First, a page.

Thursday, 1 September 2011

‘Maybe I’ll be a poet. Watch all the sky for falling words. Write about my grandma’s curtains, or the lady who put the Chinese buffet in her purse.’

I would like to thank the lovely Prerna Pickett, for being so sweet as to give me a blogging award. Seeing as I’ve been blogging less than a week, I consider this a huge achievement! So check out her blog – The Sands of Writing – you won’t regret it!

Here are my awards: J


Sooo, the rules are as follows…

Thank and Link the person who nominates you
Share Seven Random facts about yourself
Pass the award on to five more blogger friends
Contact and congratulate the blogs nominated

Right, second, oh-so-random and hopefully interesting things about me:

1. My cat killed my hamster. It takes sibling rivalry to a whole new extreme doesn’t it?! I was eighteen and had owned my gorgeous hamster Jaq-Jaq (named after the mouse in Cinderella) for only six months. Have you ever heard the fable about the wolf and the shepherd? The wolf followed the shepherd and his sheep around all the time, and after a while the shepherd began to trust him and think of him as a second-in-command. One day, the shepherd went to sleep, leaving Mr Wolf in charge. Guess what happened when the shepherd woke up? Shock! Surprise! All of the sheep were dead. So basically- that. Although no, I didn’t hand my hamster over to my cat and say ‘play nice you two.’ Alfie (my naughty, spoilt but oh-so-loved, incorrigible cat) somehow got the cage open when I wasn’t around. It was pretty traumatic. I heard my sister screaming my name (I thought she’d cut off her arm she was that hysterical) and ran up the stairs to find Jaq in Alfie’s mouth. It wasn’t much consolation that Alfie hadn’t bitten Jaq and that my poor hamster had only died of fright, but at least my last image of my pet wasn’t of him covered in blood and gore. Needless to say, with Alfie still on the prowl, I won’t be getting another hamster any time soon.

2. My life has a sense of humour- and I am the punch line. Seriously. I have a huge fear of the sea. If anyone is asking why, take a look at it. It’s vast and never ending and you could drown and it’s the element that people are literally the most out of their depths in. (Sorry for the pun.) I fear sharks most of all, but any potentially person-eating underwater creature scares the living daylights out of me. (Did you know that crocodiles travel by ocean in Australia? Uh-huh. Swear it’s true.) I saw the film Piranha in the cinema and whilst other people were laughing at the fake blood, I was fighting the urge to be sick, covering my face with my hands, and reminding myself “it’s not real, it’s not real, it’s not real…” you get the gist. I can freak myself out in an empty swimming pool. (Curse my imagination!) My family’s kind and understanding nickname for me is ‘Sharklet.’ So what have I realised makes me feel calmest and happiest and most alive? Swimming in the sea. *Mouths incoherently at the silliness that is my life.*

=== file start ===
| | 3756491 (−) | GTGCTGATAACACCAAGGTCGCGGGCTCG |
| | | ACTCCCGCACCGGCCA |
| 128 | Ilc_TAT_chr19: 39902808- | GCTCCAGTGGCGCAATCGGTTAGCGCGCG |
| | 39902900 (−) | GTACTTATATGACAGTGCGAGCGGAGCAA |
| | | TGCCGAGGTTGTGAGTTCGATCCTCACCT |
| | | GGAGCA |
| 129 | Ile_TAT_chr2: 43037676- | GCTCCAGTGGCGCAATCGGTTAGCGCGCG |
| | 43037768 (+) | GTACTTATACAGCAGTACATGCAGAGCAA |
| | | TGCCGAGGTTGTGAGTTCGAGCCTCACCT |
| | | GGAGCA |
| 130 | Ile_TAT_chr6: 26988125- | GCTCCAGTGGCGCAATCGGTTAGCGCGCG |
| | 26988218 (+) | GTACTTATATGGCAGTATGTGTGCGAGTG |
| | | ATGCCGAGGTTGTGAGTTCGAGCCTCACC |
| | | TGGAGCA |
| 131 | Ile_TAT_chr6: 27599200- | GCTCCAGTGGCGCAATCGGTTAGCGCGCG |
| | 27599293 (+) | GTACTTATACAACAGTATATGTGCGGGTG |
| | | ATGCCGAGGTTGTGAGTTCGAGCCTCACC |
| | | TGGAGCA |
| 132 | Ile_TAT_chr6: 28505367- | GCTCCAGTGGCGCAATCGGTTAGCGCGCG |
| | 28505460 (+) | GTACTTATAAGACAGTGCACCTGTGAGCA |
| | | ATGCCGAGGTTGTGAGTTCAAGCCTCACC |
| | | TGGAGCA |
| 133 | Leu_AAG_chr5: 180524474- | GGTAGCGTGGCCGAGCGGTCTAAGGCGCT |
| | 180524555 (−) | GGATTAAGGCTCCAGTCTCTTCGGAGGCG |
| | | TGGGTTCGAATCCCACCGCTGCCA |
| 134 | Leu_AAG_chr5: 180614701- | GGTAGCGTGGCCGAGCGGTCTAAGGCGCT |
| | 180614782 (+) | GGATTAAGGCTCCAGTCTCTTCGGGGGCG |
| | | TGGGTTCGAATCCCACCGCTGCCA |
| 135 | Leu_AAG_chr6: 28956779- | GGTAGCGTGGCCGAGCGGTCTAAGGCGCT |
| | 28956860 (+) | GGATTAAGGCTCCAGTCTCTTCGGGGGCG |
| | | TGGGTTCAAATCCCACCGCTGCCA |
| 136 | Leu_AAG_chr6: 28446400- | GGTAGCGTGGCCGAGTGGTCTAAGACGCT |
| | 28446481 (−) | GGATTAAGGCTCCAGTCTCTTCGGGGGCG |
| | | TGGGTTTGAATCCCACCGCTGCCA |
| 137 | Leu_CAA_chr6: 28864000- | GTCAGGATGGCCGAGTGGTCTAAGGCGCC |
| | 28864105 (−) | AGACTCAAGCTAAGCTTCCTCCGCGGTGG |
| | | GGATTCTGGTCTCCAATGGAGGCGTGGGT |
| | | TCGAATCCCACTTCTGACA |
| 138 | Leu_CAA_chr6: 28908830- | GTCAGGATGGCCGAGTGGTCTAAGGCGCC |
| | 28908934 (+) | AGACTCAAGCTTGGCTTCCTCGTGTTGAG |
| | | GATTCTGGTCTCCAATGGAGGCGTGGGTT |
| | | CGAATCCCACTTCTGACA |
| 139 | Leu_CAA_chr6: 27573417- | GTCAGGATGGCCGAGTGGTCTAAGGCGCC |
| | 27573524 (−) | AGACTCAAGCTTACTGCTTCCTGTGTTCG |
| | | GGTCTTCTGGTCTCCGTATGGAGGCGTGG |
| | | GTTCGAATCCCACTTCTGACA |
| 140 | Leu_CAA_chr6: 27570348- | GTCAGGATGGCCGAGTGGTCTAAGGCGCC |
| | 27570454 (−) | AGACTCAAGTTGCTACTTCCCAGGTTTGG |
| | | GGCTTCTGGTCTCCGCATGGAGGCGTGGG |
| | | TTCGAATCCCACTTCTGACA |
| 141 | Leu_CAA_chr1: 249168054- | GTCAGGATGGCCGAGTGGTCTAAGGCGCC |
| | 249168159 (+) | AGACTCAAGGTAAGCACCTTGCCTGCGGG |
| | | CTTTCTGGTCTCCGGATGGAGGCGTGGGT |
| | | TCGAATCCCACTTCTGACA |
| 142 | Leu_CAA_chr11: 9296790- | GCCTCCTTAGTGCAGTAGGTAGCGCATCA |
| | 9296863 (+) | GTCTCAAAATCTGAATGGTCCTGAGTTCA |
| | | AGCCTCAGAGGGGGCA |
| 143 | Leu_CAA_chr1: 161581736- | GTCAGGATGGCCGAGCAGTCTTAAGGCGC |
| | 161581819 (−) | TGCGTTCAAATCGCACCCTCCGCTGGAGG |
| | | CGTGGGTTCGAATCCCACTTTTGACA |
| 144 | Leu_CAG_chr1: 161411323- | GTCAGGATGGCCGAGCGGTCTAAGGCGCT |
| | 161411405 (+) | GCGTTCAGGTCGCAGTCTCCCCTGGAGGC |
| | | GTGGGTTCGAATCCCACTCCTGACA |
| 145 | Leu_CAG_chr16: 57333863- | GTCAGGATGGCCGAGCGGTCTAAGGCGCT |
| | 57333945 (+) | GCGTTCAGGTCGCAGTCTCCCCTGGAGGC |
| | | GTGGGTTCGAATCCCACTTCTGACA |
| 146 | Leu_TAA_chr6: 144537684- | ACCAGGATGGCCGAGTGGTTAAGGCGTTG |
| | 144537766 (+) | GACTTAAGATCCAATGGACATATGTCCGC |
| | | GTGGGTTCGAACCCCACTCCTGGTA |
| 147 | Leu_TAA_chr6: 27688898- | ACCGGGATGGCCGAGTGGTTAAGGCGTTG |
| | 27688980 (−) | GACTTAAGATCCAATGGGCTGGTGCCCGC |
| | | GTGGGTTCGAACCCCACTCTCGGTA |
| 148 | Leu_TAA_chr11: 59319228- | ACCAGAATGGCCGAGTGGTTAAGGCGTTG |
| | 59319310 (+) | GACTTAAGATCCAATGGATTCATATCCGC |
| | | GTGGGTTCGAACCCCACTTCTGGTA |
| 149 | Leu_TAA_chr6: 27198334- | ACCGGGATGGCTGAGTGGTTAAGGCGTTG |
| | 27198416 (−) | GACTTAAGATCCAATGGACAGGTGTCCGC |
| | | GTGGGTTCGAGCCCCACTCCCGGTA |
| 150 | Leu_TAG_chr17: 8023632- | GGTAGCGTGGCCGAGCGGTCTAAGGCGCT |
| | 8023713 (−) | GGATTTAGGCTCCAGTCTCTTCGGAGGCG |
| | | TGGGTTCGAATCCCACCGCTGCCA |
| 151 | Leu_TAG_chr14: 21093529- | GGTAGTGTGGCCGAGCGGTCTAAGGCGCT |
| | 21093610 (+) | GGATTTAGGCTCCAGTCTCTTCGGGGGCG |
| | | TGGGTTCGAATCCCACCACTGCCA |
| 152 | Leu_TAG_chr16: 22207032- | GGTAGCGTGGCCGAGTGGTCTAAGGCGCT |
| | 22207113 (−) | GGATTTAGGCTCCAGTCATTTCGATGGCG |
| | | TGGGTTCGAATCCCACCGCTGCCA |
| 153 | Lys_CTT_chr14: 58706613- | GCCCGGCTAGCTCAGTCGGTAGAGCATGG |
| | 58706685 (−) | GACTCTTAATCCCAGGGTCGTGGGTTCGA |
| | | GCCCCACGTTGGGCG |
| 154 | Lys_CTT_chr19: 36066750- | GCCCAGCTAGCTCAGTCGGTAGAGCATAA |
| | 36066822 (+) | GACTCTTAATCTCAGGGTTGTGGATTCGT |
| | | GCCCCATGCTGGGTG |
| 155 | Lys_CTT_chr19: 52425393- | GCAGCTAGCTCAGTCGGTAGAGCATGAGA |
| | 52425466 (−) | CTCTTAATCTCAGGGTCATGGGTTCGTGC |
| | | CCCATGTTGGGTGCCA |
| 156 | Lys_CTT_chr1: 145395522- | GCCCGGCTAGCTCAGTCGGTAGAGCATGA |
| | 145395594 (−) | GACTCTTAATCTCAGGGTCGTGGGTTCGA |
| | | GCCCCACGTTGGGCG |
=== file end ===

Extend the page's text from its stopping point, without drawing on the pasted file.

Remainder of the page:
3. I am the middle daughter of three girls, and as such have total ‘middle child syndrome.’ My poor younger self was cruelly forced to play the ‘boy’ in all of our childhood games. My oldest sister was mother, my youngest sister (with her Goldilocks hair) was the baby daughter, and I got to choose between father or brother. If I needed a change I was grudgingly allowed to be the pet dog. When my sisters grew bored of these games they came up with one even better. I became ‘nasty/naughty cousin.’ No, I did not volunteer for this game, and I still bear the figurative scars to this day. They improved even further upon this by giving me my own Greek chorus whenever I got into trouble. ‘Yeah Charles!’ Was the chant that reached my ears in between my parents’ lectures. (Imagination was never their strong suit.) At the age of six, being called a boy’s name was a grievous insult, so it was Hard Times for little ole me. Needless to say, I blame all of my life’s later issues on this traumatic period of my life. (Only joking! Don’t terrorise me in the comments, Debs :p)

4. I credit Harry Potter/ Buffy the Vampire Slayer with being the two major influences of my life. (Outside of family/friends/teachers of course.) Buffy taught me all I’ll ever need to know about female empowerment, great characterisation and peppy one-liners, whilst Harry Potter showed me just how incredible and powerful a book can truly be. I was already a huge bookworm by the way – I probably came out of the womb with a book and glared at the doctor for interrupting me – but I still remember picking up HP in W.H.Smith’s for the first time when I was nine. I had recently started what would be a life-long love affair with the fantasy genre (my best friend and I had decided that we were the witches from Hocus Pocus) and so I was excited at the prospect of a book about wizards and witches. This was back in 1997 (God, I’m old!) and before Harry Potter was anything other than another book on a shelf. Needless to say, once I’d started reading, I couldn’t put it down. I remember that I was resting it on my windowsill because my legs had become tired from sitting for so long, when I discovered that it was Quirrel, not Snape who was after the Philosopher’s Stone. Endless hours of astonishment were to follow.